Friday 23 June 2017

Sarkozy hit by 'earthquake' after senate swings to Left

John Lichfield in Paris

FRENCH politics was hit by a political earthquake yesterday. The upper house of the French parliament, a bastion of conservatism, swung to the Left for the first time in 53 years.

It was a devastating setback for President Sarkozy. Four years ago Mr Sarkozy boasted he would oversee a transformation of the French political landscape. Yesterday, to his dismay, he succeeded.

By some calculations, this is the first time the Senate has had a left-wing majority since its creation in 1851.

In elections on Sunday, in which only local and regional politicians could vote, the Left captured 25 seats from Mr Sarkozy's centre-right to achieve a likely senate majority of 178 to 170. Even 'Le Figaro', a fiercely pro-Sarkozy newspaper, called it "an earthquake".

Seven months before he seeks re-election, President Sarkozy faces miserable poll ratings, a European economic crisis and a deepening scandal over alleged illegal political financing in the 1990s. He must now fight the election as the man who lost the right-wing's perpetual senate majority,

The Senate has limited powers to delay, or propose, legislation. But the left-wing opposition now has a pre-election, platform from which to delay Mr Sarkozy's economic and social policies and offer alternatives of their own.

The president of the Senate steps in temporarily if the president dies or is incapacitated. If chosen as president by the Senate on Saturday, Socialist Jean-Pierre Bel (59) will be "one heart-beat away" from the presidency.

Centre-right senators tried yesterday to block his election. Even some members of Mr Sarkozy's centre-right party, the Union pour un Mouvement Populaire (UMP), called the manoeuvres "pitiful" and "undemocratic".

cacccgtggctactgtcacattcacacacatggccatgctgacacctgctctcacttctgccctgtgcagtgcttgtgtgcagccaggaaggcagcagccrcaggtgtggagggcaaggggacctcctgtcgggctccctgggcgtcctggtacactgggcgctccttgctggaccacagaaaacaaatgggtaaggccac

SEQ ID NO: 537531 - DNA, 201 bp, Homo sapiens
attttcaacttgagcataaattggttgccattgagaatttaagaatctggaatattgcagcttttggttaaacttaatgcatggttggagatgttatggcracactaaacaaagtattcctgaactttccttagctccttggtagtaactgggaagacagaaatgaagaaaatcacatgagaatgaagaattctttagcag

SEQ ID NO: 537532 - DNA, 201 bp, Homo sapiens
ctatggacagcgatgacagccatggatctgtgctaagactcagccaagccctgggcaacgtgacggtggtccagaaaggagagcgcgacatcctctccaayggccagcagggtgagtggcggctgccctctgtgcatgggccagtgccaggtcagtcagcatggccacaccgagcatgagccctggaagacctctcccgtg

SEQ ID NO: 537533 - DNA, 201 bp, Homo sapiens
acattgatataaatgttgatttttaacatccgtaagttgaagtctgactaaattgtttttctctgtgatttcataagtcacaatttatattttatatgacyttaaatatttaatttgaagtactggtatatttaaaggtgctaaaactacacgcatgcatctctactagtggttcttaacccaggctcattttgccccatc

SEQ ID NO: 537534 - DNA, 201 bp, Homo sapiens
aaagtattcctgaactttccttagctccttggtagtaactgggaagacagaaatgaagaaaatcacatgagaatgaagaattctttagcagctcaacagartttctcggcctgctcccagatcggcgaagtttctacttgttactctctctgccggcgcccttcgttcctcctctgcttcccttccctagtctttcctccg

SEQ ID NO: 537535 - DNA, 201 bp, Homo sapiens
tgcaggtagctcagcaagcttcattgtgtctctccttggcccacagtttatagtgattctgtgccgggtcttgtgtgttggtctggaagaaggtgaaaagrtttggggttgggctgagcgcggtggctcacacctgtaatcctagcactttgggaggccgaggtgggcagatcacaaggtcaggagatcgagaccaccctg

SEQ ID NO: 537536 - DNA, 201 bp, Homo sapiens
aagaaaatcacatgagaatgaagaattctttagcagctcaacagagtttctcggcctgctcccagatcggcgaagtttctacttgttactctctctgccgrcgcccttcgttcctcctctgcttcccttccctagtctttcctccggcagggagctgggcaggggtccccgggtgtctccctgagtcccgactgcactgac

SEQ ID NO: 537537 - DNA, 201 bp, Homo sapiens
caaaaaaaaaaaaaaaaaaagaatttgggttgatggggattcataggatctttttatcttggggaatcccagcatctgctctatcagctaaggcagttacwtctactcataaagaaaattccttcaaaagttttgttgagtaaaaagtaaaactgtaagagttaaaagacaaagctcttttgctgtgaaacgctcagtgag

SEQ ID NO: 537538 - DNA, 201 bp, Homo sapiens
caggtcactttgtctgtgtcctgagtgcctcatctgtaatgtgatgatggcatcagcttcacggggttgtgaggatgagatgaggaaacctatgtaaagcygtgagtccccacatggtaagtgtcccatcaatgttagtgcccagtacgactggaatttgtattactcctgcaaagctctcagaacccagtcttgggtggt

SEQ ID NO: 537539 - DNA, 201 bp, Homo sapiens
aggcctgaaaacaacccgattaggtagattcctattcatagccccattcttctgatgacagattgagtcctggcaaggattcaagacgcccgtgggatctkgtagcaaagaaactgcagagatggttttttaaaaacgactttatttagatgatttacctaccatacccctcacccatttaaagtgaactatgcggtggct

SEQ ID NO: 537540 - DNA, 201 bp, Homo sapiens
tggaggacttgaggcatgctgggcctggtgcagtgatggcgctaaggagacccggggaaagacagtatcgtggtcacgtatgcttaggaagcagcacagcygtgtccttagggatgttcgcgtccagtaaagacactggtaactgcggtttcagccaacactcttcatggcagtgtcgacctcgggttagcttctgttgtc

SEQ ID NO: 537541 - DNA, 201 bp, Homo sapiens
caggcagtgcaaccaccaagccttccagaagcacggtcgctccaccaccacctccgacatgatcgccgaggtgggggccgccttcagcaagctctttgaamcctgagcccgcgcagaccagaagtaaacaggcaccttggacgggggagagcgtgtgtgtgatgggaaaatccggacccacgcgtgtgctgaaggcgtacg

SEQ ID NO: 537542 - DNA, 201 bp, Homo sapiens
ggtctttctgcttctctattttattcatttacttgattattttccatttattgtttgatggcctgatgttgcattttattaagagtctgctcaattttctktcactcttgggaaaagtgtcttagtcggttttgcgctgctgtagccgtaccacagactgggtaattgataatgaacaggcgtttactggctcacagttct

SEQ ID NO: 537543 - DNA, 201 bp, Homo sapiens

Others tried to minimise the defeat, saying it was not a rejection by the full electorate. Only 70,000 locally and nationally elected politicians could vote. Only half the senate constituencies were up for grabs.

Government supporters said the election merely mimicked the results of local polls in recent years which have given the Left a grip on cities, towns and regions. This is true but it drew attention to the fact that Mr Sarkozy's party has lost every mid-term local election since he came to power in May 2007.

Even worse for the centre-right, several seats were lost because of revolts and splits in the ranks of his supporters. The senate victory opens up the prospect of an unprecedented left-wing stranglehold on government if a Socialist candidate wins the presidential election in April and May.

A left-wing president would almost certainly win the parliamentary elections in June. The Left already controls almost all of the 20 French regional governments and most major cities.

The Elysee Palace is braced for further revelations this week on the so-called Karachi affair: a judicial investigation of alleged kickbacks on defence contracts in 1994-95 over which two close associates of President Sarkozy were arrested last week.(©Independent News Service)

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